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4 Ways to Test Heart Health

Heart disease is still ranked at the top cause of death. Age people with coronary heart disease are increasingly younger, triggered by an unhealthy lifestyle. Therefore, you should always consult your heart health on a regular basis, either through a series of medical check ups, and check it out yourself. You do not need special medical equipment to examine your own heart health. There are 4 ways to test heart health,is still in a state safe or not.

1. Waist circumference
Waist circumference is more broadly not only cause a muffin top or sagging fat around the abdomen. Women who measure waist circumference over 88 cm have a 79 percent greater risk of dying from any cause (including cardiovascular disease and cancer), rather than their waist size of 71 cm or less. To measure, wrap a tape measure around waist at its widest part (usually in the area near the navel).

"The stomach is largely a product made ​​in the kitchen," says Malissa Wood, MD, a cardiologist from Massachusetts General Hospital in Boston. To start merampingkannya, chewable seven to nine servings of fruits and vegetables and three servings of grains every day. Every two weeks, the consumption of fish, fisheries are also rich in omega-3, such as salmon. Try to consume 30 grams of fiber and at least 50 grams of lean protein each day. Do not forget cardio exercise for one hour, three or more days a week. Train your muscle strength is also two times a week.

2. Heart rate at rest
The size of the heart rate at rest or exercise (resting heart rate) could be the benchmark of a good fitness. The lower, the better your body. If you want to know the condition of your heart rate, before it got out of bed the morning, use your index finger and middle finger to find the pulse on the inner wrist. Detakannya count for 10 seconds, and multiply that number six times to find your heart rate per minute (bpm, or beats per minute).

Heart rate between 60-80 bpm is considered good, in the normal sense. "People have a very healthy resting heart rate below 60, and it is good. But resting heart rate above 60 and below 80 can indicate a problem of dehydration or underlying medical problems, such as thyroid disease or anemia," says Wood. If your size does not fit in the second figure, and you ate a pretty healthy and drink enough water, try to consult with a physician.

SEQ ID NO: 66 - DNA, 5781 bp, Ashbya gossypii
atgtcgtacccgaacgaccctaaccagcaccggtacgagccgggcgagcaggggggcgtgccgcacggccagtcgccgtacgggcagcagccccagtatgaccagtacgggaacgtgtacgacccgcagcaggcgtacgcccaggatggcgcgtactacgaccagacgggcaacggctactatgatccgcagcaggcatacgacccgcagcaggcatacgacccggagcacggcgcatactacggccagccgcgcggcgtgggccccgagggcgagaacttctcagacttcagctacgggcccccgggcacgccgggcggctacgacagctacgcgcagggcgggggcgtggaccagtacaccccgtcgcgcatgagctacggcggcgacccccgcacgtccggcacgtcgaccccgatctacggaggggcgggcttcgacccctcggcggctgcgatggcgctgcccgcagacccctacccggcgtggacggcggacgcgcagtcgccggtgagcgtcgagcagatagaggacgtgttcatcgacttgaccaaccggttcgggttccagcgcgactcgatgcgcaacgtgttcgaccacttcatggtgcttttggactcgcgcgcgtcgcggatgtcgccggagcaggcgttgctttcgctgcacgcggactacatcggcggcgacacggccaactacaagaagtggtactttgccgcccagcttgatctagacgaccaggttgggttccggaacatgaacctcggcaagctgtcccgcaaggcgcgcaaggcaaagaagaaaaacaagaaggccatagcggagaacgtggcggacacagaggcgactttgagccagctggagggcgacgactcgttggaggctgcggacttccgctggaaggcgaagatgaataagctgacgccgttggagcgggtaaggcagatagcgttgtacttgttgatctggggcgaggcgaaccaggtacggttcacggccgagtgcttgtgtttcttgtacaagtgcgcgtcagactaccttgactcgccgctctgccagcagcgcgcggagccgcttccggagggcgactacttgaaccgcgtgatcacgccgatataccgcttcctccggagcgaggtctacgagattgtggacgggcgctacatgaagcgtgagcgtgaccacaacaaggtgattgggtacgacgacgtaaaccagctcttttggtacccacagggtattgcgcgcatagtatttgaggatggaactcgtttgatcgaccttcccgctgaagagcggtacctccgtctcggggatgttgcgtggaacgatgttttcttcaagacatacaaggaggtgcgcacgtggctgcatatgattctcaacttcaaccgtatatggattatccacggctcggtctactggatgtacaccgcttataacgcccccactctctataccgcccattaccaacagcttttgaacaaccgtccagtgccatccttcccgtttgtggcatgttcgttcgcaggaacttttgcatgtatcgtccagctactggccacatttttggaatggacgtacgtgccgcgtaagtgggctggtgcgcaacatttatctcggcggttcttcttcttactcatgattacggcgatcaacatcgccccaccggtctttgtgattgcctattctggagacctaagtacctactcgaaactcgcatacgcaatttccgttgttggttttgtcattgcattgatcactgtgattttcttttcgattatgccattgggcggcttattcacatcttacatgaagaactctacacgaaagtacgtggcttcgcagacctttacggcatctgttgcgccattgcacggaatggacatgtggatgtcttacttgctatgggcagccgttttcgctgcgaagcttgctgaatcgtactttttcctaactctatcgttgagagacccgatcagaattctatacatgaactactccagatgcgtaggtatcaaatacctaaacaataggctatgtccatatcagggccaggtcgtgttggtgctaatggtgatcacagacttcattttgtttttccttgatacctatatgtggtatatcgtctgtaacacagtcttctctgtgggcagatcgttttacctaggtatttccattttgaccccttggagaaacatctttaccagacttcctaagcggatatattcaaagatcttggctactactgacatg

Basically, cardio exercise will also help lower the resting heart rate. But the best exercise is interval training. Perform high-intensity exercise in a short time, which will make your heart muscle is more efficient. Add to ride my bike with interval speed for 30-60 seconds, or run once or twice a week.

3. Heart rate after exercise
You also need to measure heart rate recovery after exercise (heart rate recovery). "The faster the heart beat returned to normal after exercise, the healthier your heart," said Cheri Wiggins, MD, physician in Twin Falls, Idaho.

If the heart rate does not go down at least 12 beats in one minute after exercise, you run the risk of heart failure, even death. Calculate your target heart rate with this equation:

(220 - age) x 0.6 = low point of the target heart rate
(220 - age) x 0.8 = high point of the target heart rate

Example: if you are 34 years of age, then (220-34) x 0.6 = 112 to a low point, and (220-34) x 0.8 = 149 to a high point

Then, start exercising, by running or cycling, until you reach that point (use a heart rate monitor to measure it). Then, stop and immediately count the pulse. One minute after you stop exercising, count your pulse again. Subtract the second number of the first number.

If the number is less than 12, your target is to exercise at least 150 minutes per week, or five sessions per 30 minutes, with aerobic exercise such as brisk walking. No need too ngoyo while doing so. On a scale of 1 to 10, perform with the intensity level of 4 or 5. So the better your cardiovascular conditions and heart rate after exercise higher, increase the duration and intensity of your workout.

4. Shriveled earlobe
Bottom of the ear lobe (which is usually pierced for earrings) are slightly folded or shriveled, are often cited as a symptom of coronary heart disease, high cholesterol, or diabetes. However, you do not need to immediately believe it.

"Heart disease does not cause ear lobe shrink, wrinkle or lobe that cause heart disease. However, these conditions seem to be a marker of an unhealthy lifestyle," said Sarah Samaan, MD, cardiologist at Legacy Heart Center in Plano, Texas, and author book Best Practices for a Healthy Heart.

Another study found a correlation of 80 percent between the folds of the ear-shaped diagonal in persons under the age of 40 years, with coronary artery disease. This fold will not disappear, but you can minimize the risk factors for heart disease itself. For that you need to know the history of heart disease in your family, keep your weight, blood pressure and cholesterol levels. In addition to exercise regularly, eat healthily, and avoid stress.

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